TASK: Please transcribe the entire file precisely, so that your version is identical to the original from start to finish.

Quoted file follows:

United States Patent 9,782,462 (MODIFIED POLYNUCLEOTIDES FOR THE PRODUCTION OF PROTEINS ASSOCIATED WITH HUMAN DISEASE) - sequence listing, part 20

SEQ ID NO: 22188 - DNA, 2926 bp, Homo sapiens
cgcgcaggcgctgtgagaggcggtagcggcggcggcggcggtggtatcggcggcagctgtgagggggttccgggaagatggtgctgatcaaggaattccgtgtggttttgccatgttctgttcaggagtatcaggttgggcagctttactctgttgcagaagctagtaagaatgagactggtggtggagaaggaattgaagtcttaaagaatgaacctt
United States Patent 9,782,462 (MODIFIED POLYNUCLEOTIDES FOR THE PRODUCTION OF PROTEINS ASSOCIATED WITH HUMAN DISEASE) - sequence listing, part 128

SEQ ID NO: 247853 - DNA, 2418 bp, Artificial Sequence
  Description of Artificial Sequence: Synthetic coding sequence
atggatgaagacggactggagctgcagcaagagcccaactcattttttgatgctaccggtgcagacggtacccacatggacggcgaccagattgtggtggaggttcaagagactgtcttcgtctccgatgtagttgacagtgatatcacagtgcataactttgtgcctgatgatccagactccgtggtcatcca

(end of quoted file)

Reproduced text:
United States Patent 9,782,462 (MODIFIED POLYNUCLEOTIDES FOR THE PRODUCTION OF PROTEINS ASSOCIATED WITH HUMAN DISEASE) - sequence listing, part 20

SEQ ID NO: 22188 - DNA, 2926 bp, Homo sapiens
cgcgcaggcgctgtgagaggcggtagcggcggcggcggcggtggtatcggcggcagctgtgagggggttccgggaagatggtgctgatcaaggaattccgtgtggttttgccatgttctgttcaggagtatcaggttgggcagctttactctgttgcagaagctagtaagaatgagactggtggtggagaaggaattgaagtcttaaagaatgaacctt
United States Patent 9,782,462 (MODIFIED POLYNUCLEOTIDES FOR THE PRODUCTION OF PROTEINS ASSOCIATED WITH HUMAN DISEASE) - sequence listing, part 128

SEQ ID NO: 247853 - DNA, 2418 bp, Artificial Sequence
  Description of Artificial Sequence: Synthetic coding sequence
atggatgaagacggactggagctgcagcaagagcccaactcattttttgatgctaccggtgcagacggtacccacatggacggcgaccagattgtggtggaggttcaagagactgtcttcgtctccgatgtagttgacagtgatatcacagtgcataactttgtgcctgatgatccagactccgtggtcatcca